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8 Year Old, Depressed and Stopped Eating: How to Make Him Happy?

By: Ian Murnaghan BSc (hons), MSc - Updated: 6 Oct 2012 | comments*Discuss
Eating Disorders Grandson Separation


My 8 year old grandson has recently stop eating and complains of choking, which no one has actually seen. He has seen the doctor who has confirmed that nothing is wrong with his throat. His parents have recently divorced and although he sees his father a lot, he cries and wants to live with his dad. We feel his eating and general behaviour problems are due to these changes. His mother is seeking counselling for him. We are so worried about him and would like to know if we can bring him back to a happy place. He is a lovely lad and we are frantic with worry.

(H.H, 16 July 2009)


It's good that you have been to see a doctor to ensure that physically, his throat and related health are fine. You are right to be worried and to consider the recent divorce, which from what you have said, seems to suggest that your grandson is struggling with the changes and separation.

Eating Disorders or Depression?

When you say your grandson has stopped eating, it isn't clear if this is a significant reduction in food overall or if it's more his pattern of eating or perhaps that he is going for very long periods of time without food. This does sound like a symptom of an eating disorder and a key concern would be that his lowered intake of food could lead to nutritional deficiencies, stunted growth and anorexia nervosa or another eating disorder.

Eating disorders are generally much less common in males and particularly so at your grandson's young age but they do still exist. He may more simply not be eating because he is emotionally so 'wound up' that he has lost his appetite. On the other hand, he may be exerting control over the one aspect of his life he feels he can control – his food. Counselling is important but a dietitian with experience in eating disorders might also be helpful.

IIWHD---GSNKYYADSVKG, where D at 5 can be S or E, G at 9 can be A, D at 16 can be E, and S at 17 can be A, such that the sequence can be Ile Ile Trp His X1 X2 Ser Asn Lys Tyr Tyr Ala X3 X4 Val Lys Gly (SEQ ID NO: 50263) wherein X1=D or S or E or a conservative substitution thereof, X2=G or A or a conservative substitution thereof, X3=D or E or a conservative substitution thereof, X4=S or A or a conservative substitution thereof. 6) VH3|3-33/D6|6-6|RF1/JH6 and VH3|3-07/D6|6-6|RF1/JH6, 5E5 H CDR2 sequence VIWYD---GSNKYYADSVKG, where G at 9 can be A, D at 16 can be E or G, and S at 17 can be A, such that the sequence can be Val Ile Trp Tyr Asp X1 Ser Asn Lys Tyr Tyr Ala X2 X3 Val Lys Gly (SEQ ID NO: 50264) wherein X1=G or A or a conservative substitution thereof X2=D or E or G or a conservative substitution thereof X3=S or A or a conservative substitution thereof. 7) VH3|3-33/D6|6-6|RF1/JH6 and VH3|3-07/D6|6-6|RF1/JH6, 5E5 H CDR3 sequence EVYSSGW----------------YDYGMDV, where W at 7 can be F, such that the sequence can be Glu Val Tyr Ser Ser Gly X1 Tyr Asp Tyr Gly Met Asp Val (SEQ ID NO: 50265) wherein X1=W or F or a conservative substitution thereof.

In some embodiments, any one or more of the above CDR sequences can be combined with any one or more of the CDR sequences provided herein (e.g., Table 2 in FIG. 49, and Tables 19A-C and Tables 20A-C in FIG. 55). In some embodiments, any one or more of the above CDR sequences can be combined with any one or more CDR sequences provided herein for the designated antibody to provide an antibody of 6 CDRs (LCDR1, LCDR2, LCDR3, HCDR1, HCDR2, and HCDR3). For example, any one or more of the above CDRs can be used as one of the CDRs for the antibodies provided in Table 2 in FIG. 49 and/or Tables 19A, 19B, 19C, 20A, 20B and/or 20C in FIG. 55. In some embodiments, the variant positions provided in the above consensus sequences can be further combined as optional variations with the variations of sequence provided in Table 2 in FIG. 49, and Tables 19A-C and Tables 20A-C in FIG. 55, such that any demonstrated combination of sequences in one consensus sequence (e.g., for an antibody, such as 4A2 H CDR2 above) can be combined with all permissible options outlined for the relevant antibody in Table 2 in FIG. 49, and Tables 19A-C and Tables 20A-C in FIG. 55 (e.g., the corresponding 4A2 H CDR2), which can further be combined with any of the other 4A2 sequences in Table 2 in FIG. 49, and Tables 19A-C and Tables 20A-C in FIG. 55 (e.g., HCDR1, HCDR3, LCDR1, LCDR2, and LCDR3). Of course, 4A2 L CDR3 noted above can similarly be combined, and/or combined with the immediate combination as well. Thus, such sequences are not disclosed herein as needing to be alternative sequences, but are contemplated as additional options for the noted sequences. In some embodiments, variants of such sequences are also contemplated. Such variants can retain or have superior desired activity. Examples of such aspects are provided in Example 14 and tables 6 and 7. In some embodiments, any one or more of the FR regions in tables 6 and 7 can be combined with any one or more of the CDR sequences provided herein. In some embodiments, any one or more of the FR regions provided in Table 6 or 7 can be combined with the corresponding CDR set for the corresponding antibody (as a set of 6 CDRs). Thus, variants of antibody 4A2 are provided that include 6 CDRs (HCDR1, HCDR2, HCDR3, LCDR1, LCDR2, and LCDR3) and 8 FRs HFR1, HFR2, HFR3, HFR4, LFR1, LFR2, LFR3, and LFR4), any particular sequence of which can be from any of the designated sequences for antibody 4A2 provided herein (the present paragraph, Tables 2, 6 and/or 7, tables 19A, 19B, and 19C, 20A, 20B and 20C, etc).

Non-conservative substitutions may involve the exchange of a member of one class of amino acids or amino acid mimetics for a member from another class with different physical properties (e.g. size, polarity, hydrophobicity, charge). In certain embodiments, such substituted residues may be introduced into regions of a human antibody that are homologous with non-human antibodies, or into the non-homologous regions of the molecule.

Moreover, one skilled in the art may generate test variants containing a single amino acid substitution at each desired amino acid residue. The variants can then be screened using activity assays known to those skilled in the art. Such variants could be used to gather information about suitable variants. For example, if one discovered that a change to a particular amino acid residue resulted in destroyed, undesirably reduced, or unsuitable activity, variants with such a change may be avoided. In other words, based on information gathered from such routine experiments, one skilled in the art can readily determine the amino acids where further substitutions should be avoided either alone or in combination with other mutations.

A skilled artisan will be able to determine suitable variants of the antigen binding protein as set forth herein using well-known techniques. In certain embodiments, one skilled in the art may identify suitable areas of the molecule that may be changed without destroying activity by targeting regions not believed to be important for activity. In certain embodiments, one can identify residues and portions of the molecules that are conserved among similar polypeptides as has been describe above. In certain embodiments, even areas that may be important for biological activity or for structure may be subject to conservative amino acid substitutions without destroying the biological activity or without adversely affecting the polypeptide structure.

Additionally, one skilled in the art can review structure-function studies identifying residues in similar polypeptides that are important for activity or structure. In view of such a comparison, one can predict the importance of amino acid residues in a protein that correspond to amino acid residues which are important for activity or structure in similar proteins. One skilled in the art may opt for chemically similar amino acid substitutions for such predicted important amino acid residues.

In the meantime, it would be good if he could be offered foods that pack a lot of nutritional punch, so that what he does eat gives him as much nutrition as possible. For example, foods such as nuts are good snacks that are calorie dense and packed with nutrients.

Separation Fears and Anxiety

It's actually positive that he seems to have a good relationship with his father enough to want to spend more time with him – or live with him. However, a desire to spend more time should not be one that leaves him distressed when he is with his mother.

How is his relationship with his mother? Has anything changed since the divorce? These are important questions that a qualified counsellor can address. It may be helpful to introduce both family counselling and for your grandson to receive individual counselling as well.

Help From Grandparents

For the time being, you can continue to stay involved and offer your support to your grandson and the entire family. Most likely, the single best thing you can offer that stems from your love is quite simply to listen to your grandson and be there for him if he needs to talk about his feelings. Hopefully, your support and the counselling or nutritional interventions can help him get back to a happy place.

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